St. Olav

The Nidaros Cathedral as we know it today began as a wooden chapel erected over the tomb of St. Olav, the Viking King who became the patron saint of Norway.

The Viking Olav Haraldsson

Olav Haraldsson was born around the year 990 AD, in what today is the East-Norwegian county of Telemark. His father was the regional Viking chieftain Harald Grenske, who on behalf of the Danish kings, controlled greater parts of Eastern Norway. Being of such a lineage, it was natural that Olav at an early age went on Viking – the act of raiding and trading across Europe. Thus, at the age of twelve Olav travelled east with the purpose of gaining experience, wealth and good reputation, this would secure his future role as king. Through his plundering and battles Olav created mayhem in the Baltics, and it was during these years Olav built himself the reputation of being a mighty warrior.

In the year 1009, when Olav was around the age of sixteen, he went west - To England! Together with thousands of other warriors he fought with the great Danish army, under the command of the Viking King Thorkell the Tall. The Danes went on several raids, amongst others attacking Canterbury in 1012, burning the cathedral and killing the archbishop. Eventually the English king Ethelred managed to forge an alliance with the Danish-Norwegian battle force. When the Danish King Sweyn Forkbeard gained power in England, Ethelred fled to Normandy, the home of his wife Emma (of Normandy).

Olav Haraldsson followed Ethelred to Normandy. The future Norwegian king may have felt at home in this part of France, since the population at the time consisted of settled Vikings. A crucial difference to Scandinavia in this era, Christianity was established in Normandy as the dominant religion. It is likely Olav discovered that the Duke of Normandy controlled the church organisations, which also meant he had control of his subjects’ religious lives. Olav must have seen great benefits in such control.

Olav learnt much of the Christian teachings in Normandy. He may even have been baptised here in 1013/1014, though several sagas claims that, as a child, he was baptised in Norway. What is safe to say is, that during his time in Normandy, Olav truly became a Christian man. Whether or not baptised here, this is where his conformation most likely took place.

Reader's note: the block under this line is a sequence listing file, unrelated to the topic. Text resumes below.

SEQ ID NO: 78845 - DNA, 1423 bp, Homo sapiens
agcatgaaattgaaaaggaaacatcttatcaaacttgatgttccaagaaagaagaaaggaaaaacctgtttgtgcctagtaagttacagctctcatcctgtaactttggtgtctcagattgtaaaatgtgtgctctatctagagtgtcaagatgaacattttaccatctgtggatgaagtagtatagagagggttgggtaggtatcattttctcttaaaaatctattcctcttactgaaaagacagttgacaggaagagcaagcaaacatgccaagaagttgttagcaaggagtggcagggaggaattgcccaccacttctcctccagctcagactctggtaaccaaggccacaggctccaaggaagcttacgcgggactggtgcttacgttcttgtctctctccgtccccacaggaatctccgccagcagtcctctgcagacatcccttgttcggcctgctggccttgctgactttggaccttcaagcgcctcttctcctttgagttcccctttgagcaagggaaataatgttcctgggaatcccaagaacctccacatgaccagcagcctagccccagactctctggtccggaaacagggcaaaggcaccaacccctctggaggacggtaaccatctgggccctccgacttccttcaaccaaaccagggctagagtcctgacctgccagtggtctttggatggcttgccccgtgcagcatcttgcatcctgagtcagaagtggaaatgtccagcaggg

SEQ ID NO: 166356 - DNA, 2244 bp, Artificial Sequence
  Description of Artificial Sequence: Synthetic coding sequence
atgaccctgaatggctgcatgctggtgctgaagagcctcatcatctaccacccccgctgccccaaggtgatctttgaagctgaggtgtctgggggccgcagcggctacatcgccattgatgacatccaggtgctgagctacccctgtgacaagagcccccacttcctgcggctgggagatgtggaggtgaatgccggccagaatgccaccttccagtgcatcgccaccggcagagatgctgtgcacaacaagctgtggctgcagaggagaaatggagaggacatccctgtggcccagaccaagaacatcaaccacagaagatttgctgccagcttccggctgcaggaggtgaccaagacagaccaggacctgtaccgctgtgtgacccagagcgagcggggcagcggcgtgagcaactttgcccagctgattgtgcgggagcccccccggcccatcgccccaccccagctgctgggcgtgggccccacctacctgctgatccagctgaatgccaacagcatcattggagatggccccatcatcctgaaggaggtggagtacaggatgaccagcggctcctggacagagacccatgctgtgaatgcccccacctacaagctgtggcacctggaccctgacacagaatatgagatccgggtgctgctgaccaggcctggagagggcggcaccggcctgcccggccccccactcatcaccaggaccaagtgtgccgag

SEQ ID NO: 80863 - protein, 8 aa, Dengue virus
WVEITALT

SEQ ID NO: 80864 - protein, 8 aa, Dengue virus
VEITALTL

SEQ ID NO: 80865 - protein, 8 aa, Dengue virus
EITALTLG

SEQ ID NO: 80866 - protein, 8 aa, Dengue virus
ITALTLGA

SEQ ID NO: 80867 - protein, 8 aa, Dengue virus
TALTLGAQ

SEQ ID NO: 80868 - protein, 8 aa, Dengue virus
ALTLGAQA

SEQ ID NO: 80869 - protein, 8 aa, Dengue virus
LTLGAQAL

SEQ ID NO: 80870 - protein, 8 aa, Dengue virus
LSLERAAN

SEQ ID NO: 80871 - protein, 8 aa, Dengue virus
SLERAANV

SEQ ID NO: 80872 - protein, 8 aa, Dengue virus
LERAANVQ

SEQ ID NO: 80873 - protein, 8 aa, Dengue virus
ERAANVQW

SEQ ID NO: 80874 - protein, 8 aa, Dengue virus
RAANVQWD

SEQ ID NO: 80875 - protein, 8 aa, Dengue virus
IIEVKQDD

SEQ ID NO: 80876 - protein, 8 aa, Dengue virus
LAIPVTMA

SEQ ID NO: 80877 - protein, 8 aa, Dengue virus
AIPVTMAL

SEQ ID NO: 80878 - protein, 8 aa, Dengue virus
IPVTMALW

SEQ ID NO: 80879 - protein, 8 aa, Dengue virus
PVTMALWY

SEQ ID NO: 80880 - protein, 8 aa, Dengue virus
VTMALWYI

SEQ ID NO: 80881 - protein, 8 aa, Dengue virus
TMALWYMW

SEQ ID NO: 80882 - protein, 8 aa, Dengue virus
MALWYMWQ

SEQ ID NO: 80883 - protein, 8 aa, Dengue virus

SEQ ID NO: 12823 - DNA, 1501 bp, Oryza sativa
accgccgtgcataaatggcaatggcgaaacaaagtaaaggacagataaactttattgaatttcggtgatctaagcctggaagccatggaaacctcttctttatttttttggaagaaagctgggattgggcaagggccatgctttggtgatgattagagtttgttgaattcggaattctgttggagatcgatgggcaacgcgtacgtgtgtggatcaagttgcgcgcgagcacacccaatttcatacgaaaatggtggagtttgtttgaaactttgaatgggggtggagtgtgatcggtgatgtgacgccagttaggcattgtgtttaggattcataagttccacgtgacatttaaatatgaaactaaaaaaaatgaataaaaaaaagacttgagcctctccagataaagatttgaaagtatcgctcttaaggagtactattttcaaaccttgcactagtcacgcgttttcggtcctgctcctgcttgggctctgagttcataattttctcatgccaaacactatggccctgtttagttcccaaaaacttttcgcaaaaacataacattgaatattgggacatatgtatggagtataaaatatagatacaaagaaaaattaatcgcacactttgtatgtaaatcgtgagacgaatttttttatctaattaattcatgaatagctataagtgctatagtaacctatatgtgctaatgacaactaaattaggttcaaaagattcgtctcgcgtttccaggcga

The Viking King

After the death of King Sweyn in 1014, Ethelred - assisted by Olav and Thorkell the Tall - defeated the Danish Vikings. However, Sweyn’s son summoned forces in Southern Scandinavia and travelled to England, with the hopes of recovering his father’s territory. This new Danish king would later come to be known as Cnut the Great. Persuading Thorkell and Olav to join his side - with the aid of their mercenaries - Cnut succeeded in his mission. In making this deal, Cnut may have promised Olav the power to rule on his behalf in Eastern Norway. This being the case or not, after a seven-year long Viking raid Olav and his now experienced worriers, returned to Norway in 1015 as powerful and wealthy men.

While Olav was set to rule over Eastern Norway, it was the Earls of Lade, Sweyn and Haakon, who on behalf of the Danish king, ruled the rest of the land. However, Olav was determined to gain power over the entire country. He proceeded to chase these two earls out of Norway and King Cnut the Great, occupied by trying to achieve total control over England, was not able to travel to the North to punish Olav for his actions.

At this time Norway already had a well establish law system based on local gatherings of free, well-established men called ‘Tings’. These Viking tings acted both as legislative assembly and as juristic gathering points for Norwegians. It was important for Olav to achieve acceptance through these political meetings, in order to be recognised as the rightful king of Norway. As a wealthy man with strong warriors, Olav managed to either buy off or scare the Norwegians into an alliance. In ca. 1022, he constituted his position as the King of the entire country. During his rise to power Olav actively attempted, often by force, to Christian the pagan part of the Norwegian population.